Va. Tech Has New Regional Identity
Virginia Tech has decided to rename its campuses in the Northern Virginia area. The new designation is Virginia Tech-National Capital Region.
The new name will identify the university's facilities in Northern Virginia, including graduate schools and research centers in Alexandria, Falls Church, Leesburg, Manassas and Middleburg. National Capital Region replaces the name Northern Virginia Operations.
James Bohland, executive director of the regional organization, said in a news release that the decision to find a new name was the result of some confusion as to what Northern Virginia meant.
"Many people thought of us only as our Northern Virginia Graduate Center in Falls Church," Bohland said. "There was also some misunderstanding with abbreviating NoVA for Northern Virginia, which we often tended to do, since that is the commonly used acronym for Northern Virginia Community College."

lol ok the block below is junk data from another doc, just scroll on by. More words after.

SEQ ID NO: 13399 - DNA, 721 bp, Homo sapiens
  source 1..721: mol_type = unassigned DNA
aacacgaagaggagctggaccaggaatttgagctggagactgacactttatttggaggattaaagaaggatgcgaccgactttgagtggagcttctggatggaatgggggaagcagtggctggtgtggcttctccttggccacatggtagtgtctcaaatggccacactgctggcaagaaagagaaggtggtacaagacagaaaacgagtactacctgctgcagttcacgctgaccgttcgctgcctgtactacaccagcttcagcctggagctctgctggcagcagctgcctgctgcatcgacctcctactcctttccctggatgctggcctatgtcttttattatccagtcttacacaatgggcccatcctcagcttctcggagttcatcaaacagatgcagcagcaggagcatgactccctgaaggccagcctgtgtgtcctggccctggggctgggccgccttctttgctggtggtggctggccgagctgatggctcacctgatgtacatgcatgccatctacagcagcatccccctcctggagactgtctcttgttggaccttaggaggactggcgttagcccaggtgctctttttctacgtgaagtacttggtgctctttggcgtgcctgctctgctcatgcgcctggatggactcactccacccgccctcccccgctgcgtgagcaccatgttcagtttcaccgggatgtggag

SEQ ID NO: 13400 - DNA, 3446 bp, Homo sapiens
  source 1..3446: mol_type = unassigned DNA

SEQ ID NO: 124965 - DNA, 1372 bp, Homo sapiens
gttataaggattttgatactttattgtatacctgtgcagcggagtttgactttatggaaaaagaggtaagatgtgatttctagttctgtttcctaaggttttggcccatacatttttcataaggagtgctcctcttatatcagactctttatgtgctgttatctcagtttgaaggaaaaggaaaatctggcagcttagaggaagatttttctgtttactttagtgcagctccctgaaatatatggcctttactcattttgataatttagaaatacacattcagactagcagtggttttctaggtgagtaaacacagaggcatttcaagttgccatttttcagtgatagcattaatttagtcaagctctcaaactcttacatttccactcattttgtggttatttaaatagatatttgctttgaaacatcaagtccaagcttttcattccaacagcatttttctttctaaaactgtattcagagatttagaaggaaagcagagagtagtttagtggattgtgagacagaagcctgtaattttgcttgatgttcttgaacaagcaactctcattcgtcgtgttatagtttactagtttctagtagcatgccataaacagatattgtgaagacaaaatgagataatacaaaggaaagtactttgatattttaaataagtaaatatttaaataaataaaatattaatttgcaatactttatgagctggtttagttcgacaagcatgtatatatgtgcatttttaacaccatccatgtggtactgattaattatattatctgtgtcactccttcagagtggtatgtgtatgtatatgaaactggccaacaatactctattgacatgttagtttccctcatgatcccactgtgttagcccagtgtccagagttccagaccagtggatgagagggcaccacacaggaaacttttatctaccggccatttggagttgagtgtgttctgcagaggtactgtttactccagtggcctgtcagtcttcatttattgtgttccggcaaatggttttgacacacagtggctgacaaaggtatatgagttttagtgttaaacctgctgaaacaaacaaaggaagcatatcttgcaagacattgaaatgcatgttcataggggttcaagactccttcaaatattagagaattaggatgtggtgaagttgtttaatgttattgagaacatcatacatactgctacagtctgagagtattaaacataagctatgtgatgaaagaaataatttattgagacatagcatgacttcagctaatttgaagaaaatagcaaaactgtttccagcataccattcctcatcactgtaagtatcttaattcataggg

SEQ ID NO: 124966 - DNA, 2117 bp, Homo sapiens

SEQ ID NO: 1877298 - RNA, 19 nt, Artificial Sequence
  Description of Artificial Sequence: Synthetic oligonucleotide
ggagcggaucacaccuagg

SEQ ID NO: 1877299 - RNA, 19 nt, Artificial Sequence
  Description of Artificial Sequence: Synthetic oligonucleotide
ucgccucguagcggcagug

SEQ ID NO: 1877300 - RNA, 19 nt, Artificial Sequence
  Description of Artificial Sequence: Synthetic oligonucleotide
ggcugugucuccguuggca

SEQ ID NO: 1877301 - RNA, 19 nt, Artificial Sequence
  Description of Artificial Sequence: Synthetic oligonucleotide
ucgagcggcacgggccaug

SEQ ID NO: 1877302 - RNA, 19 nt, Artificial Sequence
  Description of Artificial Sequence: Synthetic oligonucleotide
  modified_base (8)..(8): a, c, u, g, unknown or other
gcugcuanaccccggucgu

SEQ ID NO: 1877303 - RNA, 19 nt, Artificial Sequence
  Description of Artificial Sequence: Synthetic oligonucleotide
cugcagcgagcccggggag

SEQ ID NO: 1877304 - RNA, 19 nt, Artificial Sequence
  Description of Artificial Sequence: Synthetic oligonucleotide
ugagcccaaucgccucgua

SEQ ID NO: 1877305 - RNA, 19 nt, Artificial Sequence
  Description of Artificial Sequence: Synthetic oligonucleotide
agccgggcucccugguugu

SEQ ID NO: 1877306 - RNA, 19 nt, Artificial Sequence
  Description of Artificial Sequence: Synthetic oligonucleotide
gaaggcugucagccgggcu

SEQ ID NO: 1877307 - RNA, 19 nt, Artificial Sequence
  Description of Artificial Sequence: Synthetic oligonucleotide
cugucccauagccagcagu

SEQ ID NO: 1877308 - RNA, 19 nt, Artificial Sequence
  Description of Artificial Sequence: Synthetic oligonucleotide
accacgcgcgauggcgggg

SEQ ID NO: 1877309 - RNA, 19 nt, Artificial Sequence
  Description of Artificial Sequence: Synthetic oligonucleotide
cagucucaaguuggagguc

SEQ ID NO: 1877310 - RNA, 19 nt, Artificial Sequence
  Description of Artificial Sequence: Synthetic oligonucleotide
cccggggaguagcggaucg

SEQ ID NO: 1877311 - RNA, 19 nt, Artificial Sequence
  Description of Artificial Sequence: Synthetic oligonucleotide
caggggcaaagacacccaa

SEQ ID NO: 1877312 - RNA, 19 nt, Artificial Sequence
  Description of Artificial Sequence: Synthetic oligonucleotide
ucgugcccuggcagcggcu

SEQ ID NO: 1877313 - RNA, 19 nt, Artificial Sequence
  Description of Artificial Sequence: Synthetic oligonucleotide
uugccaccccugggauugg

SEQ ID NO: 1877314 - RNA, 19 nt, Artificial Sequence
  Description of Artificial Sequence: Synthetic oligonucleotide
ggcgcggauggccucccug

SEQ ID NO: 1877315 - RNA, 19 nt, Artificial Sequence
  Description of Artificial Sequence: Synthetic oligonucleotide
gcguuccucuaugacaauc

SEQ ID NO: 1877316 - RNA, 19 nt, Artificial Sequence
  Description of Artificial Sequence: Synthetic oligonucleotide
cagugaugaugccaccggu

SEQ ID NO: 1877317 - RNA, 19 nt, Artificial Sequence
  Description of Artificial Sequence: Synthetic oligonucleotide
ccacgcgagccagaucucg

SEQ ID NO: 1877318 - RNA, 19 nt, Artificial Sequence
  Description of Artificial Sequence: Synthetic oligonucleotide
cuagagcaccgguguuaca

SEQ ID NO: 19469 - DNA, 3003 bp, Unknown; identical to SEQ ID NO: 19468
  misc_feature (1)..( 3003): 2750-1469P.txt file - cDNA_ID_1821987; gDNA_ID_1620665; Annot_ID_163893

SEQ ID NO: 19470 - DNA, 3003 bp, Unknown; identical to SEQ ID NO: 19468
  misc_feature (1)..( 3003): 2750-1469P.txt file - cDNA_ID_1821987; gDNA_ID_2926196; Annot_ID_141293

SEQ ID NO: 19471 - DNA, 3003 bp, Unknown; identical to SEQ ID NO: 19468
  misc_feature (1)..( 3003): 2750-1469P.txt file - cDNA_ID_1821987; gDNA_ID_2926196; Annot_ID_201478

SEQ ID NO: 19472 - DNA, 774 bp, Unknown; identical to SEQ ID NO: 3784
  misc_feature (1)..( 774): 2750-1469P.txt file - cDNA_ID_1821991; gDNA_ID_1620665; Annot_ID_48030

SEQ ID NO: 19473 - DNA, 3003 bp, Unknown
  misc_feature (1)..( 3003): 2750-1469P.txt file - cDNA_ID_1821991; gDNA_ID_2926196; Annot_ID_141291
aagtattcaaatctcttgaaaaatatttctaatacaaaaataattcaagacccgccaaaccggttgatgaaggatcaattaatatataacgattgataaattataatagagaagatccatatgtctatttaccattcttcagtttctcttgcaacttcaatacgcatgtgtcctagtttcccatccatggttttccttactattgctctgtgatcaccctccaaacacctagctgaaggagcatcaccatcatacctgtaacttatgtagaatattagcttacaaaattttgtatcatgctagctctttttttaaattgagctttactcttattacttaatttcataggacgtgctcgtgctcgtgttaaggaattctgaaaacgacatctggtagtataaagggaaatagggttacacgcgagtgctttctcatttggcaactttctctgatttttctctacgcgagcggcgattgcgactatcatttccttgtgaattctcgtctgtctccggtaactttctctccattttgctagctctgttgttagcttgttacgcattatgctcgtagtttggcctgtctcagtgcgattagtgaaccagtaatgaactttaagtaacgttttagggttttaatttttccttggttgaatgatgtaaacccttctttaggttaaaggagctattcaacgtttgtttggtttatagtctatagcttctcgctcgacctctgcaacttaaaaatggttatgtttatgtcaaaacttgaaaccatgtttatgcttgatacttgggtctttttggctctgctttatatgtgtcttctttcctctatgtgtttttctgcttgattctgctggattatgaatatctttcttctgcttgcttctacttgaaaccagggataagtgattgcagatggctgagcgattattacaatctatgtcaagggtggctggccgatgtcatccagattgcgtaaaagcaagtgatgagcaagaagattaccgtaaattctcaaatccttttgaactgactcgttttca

A council consisting of representatives from programs in Northern Virginia selected the new name.
Lunch, and a Look at Southern Fairfax
The county government will host a community lunch in southern Fairfax on Wednesday to discuss the demographic changes there and their impact on human services needs.
The brown-bag lunch will be from 11:30 a.m. to 1 p.m. at the South County Government Center in the Alexandria section of Fairfax.
The featured speakers are Sara Daleski, a manager in the county's Department of Systems Management for Human Services, and Becky Witsman, executive director of the Southeast Fairfax Development Corp.